The environmental review process is a crucial component of any major infrastructure effort. As part of the Palmetto Commerce Interchange project, Charleston County will engage relevant agencies and stakeholders, in addition to the general public, to ensure decisions are made in the best overall public interest.

Charleston County, in accordance with the National Environmental Policy Act (NEPA), will consider the need for: safe and efficient transportation; social, economic, and environmental impacts; and national, state and local environmental protection goals Under the NEPA process, an extensive environmental review and analysis is performed of the project area and to examine reasonable alternatives for the project. The environmental review is done in order to avoid, minimize or mitigate environmental impacts and to ensure public participation is incorporated into the decision-making process. Agency, stakeholder and public input are critical during the environmental review process to provide important insight to Charleston County as the project plans and scope are refined.

The environmental review is defined by the purpose and need which is a required step in the NEPA process and helps set the project objectives and guide the process.

The purpose and need for PCI are as follows:

The primary purpose of the project is to provide improved travel times and access options to the rapidly growing, high density employment centers along Palmetto Commerce Parkway and Ingleside Boulevard; improve traffic mobility for the area served by the Ashley Phosphate Road/I-26 Interchange; and provide more efficient commute options within the portion of the regional network that relies on access to I-26 by increasing the number of trips allowed and decreasing delays.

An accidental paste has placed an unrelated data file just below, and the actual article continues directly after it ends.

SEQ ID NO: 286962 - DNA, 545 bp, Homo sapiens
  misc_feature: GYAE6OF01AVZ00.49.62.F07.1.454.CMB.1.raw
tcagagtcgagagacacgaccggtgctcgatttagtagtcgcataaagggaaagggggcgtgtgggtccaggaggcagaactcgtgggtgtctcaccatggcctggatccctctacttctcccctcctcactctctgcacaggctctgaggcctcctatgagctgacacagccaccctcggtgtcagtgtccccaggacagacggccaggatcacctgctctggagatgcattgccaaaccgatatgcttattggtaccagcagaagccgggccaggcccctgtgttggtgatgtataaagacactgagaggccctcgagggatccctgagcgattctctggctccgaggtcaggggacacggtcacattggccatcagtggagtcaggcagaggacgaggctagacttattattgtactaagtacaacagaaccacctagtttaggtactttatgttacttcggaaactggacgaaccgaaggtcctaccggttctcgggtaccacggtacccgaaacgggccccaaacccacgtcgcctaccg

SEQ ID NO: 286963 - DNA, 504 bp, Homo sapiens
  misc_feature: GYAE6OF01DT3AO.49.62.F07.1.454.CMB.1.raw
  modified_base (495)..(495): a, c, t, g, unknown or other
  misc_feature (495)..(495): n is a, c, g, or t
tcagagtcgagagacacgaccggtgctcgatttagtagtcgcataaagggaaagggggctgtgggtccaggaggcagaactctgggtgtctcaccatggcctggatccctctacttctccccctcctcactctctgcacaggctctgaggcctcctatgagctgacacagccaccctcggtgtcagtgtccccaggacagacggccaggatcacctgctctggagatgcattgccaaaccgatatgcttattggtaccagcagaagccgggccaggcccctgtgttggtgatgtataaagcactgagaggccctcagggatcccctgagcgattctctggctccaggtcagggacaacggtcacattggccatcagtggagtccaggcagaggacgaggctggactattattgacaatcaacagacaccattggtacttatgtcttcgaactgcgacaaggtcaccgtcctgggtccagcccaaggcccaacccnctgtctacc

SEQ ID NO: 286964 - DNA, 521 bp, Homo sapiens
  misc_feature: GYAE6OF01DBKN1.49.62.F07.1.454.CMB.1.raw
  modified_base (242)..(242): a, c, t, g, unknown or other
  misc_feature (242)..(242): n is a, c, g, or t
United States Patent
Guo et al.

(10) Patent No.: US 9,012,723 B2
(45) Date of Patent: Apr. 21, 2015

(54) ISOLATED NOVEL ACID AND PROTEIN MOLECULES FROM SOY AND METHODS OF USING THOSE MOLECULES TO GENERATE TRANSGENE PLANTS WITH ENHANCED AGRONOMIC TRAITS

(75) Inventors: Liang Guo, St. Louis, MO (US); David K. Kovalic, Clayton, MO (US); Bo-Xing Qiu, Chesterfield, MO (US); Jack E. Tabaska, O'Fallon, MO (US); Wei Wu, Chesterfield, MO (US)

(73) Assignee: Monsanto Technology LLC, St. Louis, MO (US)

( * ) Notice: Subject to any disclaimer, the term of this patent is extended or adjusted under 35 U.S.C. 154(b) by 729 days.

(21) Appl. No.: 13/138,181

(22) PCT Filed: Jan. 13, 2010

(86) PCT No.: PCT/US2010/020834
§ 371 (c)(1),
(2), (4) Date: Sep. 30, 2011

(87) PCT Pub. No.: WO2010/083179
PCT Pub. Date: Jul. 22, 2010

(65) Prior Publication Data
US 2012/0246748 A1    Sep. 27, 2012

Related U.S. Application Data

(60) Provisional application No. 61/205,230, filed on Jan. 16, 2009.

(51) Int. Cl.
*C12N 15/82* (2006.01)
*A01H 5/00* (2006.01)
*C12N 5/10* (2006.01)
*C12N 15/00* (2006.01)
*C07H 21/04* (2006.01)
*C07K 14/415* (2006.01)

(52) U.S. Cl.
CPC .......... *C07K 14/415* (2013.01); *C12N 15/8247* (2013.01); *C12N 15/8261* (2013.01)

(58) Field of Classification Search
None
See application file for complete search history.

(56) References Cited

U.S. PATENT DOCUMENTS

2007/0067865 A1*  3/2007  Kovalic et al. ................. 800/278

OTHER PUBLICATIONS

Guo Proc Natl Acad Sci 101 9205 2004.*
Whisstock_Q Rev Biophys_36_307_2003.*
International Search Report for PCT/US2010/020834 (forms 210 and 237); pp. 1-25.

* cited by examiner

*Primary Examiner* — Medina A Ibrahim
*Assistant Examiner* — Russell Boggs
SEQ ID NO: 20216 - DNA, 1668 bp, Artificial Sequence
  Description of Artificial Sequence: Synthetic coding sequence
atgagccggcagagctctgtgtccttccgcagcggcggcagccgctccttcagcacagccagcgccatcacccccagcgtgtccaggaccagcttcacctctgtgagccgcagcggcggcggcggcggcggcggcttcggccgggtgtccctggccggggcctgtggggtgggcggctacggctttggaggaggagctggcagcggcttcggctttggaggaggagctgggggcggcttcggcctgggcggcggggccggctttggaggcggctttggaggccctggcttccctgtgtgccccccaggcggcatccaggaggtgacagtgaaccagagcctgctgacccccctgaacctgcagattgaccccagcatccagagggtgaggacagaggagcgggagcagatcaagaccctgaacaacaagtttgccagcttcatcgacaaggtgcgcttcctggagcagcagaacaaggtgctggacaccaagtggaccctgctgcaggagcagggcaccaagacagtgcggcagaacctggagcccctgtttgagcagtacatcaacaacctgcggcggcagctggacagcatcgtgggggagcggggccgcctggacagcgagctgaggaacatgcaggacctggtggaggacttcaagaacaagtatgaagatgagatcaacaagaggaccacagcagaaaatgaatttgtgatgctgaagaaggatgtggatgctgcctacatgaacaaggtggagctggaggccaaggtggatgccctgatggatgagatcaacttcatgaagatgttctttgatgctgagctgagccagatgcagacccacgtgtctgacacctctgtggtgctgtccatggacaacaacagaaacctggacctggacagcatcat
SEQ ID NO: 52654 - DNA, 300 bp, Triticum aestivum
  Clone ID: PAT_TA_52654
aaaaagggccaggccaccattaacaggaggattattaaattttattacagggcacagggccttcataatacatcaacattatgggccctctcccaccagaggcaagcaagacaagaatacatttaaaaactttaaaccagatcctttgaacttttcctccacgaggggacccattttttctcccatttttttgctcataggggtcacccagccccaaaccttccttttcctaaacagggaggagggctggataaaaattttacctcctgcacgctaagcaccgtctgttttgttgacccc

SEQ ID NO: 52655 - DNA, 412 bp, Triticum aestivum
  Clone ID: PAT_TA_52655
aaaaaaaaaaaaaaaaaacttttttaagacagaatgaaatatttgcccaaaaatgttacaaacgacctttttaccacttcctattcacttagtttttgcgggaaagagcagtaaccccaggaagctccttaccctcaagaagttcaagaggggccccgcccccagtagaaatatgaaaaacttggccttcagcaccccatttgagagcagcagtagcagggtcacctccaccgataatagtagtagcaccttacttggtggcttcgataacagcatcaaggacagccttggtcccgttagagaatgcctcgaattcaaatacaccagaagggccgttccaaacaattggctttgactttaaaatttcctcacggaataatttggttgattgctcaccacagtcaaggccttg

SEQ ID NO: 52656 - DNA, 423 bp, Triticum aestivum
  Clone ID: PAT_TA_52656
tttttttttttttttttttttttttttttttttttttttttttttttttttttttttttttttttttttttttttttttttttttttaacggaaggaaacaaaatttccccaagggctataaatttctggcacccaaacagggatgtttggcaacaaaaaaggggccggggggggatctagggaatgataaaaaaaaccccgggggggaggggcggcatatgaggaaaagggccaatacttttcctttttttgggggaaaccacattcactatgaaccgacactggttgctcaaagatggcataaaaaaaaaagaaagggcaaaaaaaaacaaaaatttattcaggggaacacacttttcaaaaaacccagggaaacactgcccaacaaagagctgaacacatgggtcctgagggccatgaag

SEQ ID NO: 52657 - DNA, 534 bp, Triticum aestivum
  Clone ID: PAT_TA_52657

A secondary purpose of the proposed project is to complement economic development in the area by improving access and mobility to the nearby existing and planned commercial, industrial, and mixed-use high-employment areas.

The proposed project is needed to improve access to I-26 and reduce current and future congestion and traffic volume for adjacent roadways and intersections. Once an alternative has been selected, detailed design and right-of-way plans have been developed, and public comments have been received during a public hearing in spring 2019, the project will be reviewed for final approval by the Federal Highway Administration (FHWA).

The graphic below describes the process for ultimately finalizing and gaining approval of the NEPA document. Depending on the type and complexity of the project, the NEPA process can take two years to as many six or even ten years to complete. The NEPA process for PCI is nearing completion with the public hearing to be conducted soon.